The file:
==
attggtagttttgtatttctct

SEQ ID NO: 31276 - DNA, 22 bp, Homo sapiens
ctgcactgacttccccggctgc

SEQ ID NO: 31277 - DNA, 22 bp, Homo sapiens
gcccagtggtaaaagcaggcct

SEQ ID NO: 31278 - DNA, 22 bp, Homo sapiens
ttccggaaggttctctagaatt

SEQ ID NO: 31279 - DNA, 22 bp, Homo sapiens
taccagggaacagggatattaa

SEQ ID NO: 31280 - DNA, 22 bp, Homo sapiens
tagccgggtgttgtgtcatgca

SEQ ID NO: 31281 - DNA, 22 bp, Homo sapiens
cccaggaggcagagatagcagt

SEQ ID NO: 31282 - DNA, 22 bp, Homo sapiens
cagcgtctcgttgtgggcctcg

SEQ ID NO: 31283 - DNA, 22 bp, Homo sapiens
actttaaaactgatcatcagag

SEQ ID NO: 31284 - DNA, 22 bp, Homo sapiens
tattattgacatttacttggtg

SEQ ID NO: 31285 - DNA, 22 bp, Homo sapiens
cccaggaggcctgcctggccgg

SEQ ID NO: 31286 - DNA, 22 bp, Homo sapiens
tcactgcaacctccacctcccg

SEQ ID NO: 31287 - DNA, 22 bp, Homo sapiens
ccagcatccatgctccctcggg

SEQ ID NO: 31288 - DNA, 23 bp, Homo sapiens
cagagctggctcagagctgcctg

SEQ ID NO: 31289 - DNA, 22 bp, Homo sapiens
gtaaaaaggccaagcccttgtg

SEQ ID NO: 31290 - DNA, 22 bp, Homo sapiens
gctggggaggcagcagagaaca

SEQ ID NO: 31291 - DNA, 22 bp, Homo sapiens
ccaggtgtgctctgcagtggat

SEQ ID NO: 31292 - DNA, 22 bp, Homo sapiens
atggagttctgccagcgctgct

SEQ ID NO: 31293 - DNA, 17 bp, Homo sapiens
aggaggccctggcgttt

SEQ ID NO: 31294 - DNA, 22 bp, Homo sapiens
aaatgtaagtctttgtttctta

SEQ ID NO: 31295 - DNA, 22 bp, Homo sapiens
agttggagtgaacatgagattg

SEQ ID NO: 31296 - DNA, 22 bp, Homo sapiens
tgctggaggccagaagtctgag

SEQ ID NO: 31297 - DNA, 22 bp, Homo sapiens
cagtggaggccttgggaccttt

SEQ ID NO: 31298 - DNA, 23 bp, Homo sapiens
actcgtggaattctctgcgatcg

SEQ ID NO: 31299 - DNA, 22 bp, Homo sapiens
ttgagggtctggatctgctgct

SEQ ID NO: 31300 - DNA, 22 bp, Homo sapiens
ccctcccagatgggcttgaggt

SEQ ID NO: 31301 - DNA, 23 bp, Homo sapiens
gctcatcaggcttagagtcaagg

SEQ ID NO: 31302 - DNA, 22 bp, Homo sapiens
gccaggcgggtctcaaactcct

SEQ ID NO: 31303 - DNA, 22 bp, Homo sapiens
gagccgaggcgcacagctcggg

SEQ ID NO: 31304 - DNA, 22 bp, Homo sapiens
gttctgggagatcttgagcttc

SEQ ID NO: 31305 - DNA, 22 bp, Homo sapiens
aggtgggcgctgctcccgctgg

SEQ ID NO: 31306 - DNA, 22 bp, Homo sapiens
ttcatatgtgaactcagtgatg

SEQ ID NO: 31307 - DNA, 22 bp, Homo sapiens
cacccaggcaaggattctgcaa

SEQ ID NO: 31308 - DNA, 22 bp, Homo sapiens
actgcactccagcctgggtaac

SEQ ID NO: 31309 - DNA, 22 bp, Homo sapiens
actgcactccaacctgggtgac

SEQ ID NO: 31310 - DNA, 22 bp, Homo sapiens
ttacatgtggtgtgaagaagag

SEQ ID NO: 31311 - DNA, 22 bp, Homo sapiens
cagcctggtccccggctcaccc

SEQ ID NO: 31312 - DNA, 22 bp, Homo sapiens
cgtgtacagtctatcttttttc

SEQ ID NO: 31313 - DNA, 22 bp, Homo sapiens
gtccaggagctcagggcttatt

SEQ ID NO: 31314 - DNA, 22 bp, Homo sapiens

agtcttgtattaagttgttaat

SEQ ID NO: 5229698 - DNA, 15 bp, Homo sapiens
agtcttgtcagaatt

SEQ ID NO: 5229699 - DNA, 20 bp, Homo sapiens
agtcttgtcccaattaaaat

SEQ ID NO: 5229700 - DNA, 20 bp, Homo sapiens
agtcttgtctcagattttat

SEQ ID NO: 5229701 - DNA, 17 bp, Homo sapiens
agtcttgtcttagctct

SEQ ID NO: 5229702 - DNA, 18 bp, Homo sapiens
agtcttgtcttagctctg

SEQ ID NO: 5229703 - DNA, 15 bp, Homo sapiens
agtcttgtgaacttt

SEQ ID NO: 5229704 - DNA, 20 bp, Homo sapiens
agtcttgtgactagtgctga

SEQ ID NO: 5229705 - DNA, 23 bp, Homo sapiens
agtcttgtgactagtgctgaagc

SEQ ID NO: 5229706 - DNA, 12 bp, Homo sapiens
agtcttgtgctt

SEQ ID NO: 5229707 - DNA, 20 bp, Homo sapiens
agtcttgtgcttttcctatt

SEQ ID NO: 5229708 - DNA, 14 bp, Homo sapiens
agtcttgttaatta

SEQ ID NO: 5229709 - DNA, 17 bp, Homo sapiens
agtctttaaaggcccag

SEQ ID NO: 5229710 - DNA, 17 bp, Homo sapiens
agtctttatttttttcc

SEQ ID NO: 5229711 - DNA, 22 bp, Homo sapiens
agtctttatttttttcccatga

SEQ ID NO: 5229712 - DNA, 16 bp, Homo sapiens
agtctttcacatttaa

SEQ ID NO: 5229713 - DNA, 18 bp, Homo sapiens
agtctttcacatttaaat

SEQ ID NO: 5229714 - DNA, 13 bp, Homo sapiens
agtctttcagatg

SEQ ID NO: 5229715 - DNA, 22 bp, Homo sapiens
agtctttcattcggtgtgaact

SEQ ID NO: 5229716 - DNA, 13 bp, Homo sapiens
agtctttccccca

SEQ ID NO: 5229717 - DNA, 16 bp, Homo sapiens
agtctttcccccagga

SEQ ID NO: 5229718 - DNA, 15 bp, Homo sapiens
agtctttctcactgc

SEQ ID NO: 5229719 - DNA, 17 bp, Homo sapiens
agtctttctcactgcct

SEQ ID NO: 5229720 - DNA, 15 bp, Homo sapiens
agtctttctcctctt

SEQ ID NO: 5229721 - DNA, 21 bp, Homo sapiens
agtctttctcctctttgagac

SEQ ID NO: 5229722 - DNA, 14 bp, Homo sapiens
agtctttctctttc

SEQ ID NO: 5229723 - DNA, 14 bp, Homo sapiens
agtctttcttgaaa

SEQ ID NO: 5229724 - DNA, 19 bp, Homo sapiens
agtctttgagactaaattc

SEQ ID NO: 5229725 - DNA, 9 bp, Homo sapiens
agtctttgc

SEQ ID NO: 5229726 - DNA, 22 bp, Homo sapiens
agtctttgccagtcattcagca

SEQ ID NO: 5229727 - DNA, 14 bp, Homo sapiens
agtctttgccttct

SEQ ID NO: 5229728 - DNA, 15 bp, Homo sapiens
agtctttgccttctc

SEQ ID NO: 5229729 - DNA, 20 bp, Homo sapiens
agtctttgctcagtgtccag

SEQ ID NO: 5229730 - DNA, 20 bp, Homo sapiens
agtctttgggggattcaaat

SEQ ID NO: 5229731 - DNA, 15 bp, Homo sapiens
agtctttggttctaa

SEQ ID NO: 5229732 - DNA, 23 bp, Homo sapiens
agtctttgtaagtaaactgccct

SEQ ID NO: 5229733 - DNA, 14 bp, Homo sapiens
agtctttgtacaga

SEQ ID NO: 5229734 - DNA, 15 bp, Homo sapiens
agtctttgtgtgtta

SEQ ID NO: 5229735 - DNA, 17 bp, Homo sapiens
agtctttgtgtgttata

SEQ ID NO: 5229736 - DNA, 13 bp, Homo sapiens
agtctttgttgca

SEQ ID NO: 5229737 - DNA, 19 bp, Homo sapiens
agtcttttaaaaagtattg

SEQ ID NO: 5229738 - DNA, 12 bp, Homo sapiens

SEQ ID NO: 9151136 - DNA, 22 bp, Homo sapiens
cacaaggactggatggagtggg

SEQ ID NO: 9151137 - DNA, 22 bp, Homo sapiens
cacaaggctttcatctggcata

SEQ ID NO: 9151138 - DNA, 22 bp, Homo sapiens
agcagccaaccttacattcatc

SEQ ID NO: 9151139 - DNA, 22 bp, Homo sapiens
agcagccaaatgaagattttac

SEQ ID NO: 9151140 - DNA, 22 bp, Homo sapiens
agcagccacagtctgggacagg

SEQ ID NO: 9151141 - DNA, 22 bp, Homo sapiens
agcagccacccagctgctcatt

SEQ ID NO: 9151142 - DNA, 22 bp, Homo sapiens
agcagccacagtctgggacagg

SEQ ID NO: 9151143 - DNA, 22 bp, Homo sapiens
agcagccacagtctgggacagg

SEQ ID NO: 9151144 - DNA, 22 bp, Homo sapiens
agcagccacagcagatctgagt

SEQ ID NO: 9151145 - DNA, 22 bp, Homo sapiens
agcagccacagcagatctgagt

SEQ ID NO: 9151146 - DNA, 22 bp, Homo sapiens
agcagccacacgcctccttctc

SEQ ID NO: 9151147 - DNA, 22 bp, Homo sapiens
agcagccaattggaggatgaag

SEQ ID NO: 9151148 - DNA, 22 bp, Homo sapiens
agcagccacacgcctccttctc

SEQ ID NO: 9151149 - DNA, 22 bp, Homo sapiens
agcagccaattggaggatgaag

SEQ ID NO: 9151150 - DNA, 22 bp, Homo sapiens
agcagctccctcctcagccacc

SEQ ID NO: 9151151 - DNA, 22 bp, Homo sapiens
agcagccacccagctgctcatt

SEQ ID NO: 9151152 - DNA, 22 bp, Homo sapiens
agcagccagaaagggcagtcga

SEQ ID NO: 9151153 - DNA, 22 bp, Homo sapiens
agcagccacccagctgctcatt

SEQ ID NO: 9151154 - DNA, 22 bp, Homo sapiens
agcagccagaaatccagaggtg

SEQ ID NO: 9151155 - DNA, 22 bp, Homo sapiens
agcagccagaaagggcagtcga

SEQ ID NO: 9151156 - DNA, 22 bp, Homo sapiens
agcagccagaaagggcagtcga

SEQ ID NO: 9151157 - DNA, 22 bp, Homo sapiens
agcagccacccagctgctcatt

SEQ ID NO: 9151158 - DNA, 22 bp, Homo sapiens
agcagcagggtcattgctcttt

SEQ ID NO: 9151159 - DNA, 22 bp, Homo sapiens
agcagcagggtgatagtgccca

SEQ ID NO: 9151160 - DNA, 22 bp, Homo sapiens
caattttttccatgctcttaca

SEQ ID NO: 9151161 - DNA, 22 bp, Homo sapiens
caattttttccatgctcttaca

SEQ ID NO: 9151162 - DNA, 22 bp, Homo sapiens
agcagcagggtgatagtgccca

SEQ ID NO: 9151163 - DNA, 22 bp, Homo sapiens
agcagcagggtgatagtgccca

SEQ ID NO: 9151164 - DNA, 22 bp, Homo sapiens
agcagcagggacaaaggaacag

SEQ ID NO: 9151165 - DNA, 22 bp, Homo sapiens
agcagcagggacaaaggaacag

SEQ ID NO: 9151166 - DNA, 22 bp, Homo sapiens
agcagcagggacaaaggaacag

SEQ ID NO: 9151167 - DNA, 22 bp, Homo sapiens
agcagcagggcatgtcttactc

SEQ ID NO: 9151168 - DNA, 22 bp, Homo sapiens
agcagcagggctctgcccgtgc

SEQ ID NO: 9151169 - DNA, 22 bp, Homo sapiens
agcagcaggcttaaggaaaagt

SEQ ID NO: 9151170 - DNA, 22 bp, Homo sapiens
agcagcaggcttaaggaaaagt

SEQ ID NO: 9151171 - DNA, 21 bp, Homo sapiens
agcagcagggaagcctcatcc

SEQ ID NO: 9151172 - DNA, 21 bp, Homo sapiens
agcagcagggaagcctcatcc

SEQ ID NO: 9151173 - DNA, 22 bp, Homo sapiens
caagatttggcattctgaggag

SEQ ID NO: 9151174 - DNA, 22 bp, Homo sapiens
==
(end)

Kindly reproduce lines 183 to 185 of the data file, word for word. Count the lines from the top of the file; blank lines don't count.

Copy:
SEQ ID NO: 9151147 - DNA, 22 bp, Homo sapiens
agcagccaattggaggatgaag

SEQ ID NO: 9151148 - DNA, 22 bp, Homo sapiens